Definitions

  • DAMA function: Demand Assigned Multiple Access: Demand-oriented assignment of transmission capacity after request with changing destinations (switched network), usually with central capacity management;
  • Loop-back mode: Setting possibilities in the satellite modem for forming loops in the transmission path in order to check and isolate individual functional components within the satellite modem;
  • M+C interface: Monitoring and control interface of the satellite modem, by which it is possible to adjust and monitor the configuration of the satellite modem from outside;
  • Modem sync: Demodulator of the satellite modem has synchronized to a received signal; connection via satellite usable;
  • Modem syncloss: Demodulator of the satellite modem has lost received signal; connection interrupted;
  • Pool: Number of several satellite transmission channels of one data rate;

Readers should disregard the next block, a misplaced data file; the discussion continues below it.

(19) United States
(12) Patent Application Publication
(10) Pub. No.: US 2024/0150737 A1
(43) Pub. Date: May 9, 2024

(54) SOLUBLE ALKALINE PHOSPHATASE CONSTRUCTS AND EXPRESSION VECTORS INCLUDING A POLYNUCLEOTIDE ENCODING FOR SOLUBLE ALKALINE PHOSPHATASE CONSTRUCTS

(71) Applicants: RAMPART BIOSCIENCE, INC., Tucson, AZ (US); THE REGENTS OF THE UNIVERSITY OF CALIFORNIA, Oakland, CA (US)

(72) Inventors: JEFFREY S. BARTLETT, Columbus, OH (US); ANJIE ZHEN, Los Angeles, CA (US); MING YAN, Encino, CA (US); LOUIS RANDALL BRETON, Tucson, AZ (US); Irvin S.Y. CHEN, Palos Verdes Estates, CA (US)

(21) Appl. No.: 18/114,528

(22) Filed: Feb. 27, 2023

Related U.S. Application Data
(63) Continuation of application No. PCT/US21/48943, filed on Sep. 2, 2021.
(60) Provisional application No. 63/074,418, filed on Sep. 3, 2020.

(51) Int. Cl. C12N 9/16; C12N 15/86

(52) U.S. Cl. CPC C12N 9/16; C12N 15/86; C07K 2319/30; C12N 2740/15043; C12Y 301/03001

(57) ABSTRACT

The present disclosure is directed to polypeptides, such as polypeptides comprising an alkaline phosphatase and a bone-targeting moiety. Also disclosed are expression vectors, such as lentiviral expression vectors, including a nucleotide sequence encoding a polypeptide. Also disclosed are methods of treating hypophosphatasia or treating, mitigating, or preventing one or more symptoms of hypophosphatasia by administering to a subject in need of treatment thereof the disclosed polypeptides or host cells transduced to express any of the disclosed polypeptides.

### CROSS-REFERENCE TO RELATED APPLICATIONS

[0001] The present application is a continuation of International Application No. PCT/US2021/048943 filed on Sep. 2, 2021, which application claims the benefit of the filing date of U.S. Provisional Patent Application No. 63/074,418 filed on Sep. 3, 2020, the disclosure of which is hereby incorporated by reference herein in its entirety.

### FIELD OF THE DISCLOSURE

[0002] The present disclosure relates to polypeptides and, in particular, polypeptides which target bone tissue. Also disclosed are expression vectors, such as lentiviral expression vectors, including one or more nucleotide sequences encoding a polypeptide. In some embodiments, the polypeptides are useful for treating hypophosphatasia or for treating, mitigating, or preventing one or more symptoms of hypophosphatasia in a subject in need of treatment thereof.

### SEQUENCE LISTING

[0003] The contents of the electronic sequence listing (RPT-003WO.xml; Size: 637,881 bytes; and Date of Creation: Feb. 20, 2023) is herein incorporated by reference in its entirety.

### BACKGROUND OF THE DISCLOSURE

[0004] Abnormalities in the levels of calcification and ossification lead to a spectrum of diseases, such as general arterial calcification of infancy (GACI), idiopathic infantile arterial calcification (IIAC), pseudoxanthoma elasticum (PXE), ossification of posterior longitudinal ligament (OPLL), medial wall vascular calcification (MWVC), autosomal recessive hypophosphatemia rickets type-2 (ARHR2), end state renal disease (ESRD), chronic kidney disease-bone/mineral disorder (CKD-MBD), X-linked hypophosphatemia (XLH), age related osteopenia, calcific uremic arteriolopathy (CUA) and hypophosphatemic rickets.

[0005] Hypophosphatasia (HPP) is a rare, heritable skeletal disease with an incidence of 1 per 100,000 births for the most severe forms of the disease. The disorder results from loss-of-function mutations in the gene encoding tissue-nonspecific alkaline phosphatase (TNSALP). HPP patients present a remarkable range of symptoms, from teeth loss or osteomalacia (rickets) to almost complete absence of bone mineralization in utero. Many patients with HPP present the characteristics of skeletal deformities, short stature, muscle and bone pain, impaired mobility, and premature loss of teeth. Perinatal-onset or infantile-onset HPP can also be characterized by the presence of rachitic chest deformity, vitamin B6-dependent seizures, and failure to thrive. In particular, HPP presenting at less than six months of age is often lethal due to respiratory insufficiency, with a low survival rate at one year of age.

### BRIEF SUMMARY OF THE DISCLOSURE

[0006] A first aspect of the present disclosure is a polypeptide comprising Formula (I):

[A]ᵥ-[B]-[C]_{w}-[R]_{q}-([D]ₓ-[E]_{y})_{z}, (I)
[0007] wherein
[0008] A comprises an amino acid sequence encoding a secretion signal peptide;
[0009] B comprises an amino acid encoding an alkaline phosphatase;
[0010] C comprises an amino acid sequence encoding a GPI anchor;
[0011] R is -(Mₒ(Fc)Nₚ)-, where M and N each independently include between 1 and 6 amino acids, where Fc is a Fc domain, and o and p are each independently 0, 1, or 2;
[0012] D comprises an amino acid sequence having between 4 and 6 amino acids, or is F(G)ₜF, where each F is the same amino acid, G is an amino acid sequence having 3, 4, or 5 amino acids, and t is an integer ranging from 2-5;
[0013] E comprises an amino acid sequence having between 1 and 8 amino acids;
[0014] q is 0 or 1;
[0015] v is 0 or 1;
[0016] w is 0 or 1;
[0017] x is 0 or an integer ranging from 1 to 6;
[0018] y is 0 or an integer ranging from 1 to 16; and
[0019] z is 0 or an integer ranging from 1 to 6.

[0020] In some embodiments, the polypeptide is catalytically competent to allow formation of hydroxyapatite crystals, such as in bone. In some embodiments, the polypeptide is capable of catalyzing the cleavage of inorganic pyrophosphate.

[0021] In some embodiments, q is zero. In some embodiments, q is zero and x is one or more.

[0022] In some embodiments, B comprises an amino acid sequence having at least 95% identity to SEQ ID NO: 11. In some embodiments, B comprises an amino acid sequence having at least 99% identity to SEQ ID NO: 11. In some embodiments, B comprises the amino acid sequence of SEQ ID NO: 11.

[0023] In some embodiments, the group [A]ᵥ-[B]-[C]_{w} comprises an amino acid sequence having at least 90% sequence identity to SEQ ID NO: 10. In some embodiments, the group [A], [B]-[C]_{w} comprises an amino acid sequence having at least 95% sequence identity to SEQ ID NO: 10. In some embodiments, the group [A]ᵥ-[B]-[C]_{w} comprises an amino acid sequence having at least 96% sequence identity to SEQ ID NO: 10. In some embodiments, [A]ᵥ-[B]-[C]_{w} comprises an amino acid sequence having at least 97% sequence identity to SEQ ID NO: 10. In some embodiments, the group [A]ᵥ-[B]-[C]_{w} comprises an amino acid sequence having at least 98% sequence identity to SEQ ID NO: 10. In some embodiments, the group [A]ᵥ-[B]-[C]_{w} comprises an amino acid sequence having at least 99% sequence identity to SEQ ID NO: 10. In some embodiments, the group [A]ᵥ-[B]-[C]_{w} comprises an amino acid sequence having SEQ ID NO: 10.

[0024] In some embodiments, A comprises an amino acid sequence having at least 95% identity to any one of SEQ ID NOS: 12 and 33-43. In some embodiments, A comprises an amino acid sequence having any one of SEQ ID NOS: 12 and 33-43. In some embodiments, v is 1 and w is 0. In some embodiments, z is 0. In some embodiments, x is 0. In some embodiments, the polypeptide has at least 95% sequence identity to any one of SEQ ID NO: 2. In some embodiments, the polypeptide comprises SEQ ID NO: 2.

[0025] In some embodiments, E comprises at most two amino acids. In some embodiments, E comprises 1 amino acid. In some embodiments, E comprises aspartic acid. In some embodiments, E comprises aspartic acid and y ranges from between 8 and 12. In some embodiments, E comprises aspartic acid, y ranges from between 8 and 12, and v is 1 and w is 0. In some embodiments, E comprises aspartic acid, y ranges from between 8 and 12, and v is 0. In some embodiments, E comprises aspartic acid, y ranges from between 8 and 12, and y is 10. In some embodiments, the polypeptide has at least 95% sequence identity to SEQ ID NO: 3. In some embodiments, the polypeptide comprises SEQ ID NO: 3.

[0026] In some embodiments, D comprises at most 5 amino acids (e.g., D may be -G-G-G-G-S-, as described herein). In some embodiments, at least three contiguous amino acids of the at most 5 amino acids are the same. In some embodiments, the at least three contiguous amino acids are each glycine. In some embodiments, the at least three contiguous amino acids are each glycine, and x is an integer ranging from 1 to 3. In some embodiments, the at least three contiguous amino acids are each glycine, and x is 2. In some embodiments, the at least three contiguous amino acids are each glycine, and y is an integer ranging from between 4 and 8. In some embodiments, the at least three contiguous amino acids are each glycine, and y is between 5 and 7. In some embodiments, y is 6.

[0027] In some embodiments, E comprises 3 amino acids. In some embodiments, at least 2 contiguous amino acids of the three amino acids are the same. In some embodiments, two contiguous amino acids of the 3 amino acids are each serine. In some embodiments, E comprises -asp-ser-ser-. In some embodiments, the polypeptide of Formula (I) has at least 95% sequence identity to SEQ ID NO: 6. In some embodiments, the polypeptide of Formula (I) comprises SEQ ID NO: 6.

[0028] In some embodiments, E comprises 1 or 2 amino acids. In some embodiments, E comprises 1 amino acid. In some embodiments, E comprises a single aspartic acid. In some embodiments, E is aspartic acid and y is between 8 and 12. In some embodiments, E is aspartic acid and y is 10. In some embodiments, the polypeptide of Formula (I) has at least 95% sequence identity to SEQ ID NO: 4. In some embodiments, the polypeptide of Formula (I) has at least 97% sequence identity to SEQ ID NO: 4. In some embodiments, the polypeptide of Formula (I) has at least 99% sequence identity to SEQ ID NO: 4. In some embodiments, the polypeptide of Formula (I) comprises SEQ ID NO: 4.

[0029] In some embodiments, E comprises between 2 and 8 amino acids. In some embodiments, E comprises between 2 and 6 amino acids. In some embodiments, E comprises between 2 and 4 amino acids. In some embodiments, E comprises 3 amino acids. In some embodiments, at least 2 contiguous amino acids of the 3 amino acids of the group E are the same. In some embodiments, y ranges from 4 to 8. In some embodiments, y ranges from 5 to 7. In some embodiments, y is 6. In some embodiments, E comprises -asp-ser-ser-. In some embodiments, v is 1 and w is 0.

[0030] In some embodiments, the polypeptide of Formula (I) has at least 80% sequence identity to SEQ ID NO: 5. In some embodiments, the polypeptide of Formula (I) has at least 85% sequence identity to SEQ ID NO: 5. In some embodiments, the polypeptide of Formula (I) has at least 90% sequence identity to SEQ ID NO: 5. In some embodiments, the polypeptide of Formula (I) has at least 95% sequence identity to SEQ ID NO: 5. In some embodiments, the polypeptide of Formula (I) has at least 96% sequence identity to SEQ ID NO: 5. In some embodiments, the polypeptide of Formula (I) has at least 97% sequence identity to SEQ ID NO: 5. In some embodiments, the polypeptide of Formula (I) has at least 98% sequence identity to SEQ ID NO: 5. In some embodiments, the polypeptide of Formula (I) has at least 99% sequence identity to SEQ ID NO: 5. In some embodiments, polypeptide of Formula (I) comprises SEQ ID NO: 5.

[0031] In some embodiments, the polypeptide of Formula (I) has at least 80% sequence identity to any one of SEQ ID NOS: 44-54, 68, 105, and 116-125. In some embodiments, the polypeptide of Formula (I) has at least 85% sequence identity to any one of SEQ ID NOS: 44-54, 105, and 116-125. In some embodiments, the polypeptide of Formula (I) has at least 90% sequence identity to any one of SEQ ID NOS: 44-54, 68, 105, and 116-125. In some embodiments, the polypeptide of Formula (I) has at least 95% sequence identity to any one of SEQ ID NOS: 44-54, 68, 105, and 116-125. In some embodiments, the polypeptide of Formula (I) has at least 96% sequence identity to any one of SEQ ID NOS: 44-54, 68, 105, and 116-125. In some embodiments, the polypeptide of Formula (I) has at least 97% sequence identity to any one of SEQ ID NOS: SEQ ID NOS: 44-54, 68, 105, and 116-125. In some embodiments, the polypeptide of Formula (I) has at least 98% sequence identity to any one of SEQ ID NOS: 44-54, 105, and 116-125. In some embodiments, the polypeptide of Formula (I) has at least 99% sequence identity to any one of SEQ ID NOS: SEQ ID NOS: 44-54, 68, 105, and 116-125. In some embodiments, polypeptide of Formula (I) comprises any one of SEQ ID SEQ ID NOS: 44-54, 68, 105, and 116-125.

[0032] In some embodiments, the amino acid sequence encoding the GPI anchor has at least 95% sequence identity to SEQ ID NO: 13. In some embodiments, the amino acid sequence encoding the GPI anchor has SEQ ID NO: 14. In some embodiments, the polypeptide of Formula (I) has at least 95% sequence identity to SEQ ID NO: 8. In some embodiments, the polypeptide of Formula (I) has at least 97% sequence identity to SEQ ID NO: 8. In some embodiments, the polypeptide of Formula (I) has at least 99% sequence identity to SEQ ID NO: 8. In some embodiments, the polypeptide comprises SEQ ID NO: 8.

• Space segment capacity: Transmission capacity in the satellite;
  • Satellite modem: Modulator/demodulator which converts the terrestrial user-information data into the intermediate frequency level (70 MHz);
  • SPS: Stored-program controller which independently executes monitoring and control functions.
LIST OF REFERENCE NUMERALS

  • 1, Terrestrial network
  • 2,3 Lines
  • 4 Hub
  • 5 Modem
  • 6 Router
  • 7 Controller
  • 8 Customer devices
  • 9 Terminals
  • 1014 Lines
  • 15 Satellite modem
  • 16, 16′ Backup terminals
  • 17 Lines
  • 18 Satellite antenna
  • 19 Carrier frequencies; carriers
  • 20 Satellite
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Classifications
U.S. Classification455/428, 455/12.1, 455/427
International ClassificationH04B1/74, H04Q7/20, H04L1/22
Cooperative ClassificationH04B1/74
European ClassificationH04B1/74
Legal Events
DateCodeEventDescription
Aug 30, 2010FPAYFee payment
Year of fee payment: 4
Mar 30, 2000ASAssignment
Owner name: DEUTSCHE TELEKOM AG, GERMANY
Free format text: ASSIGNMENT OF ASSIGNORS INTEREST;ASSIGNOR:HENKEL, HANS-JUERGEN;REEL/FRAME:010694/0622
Effective date: 19991214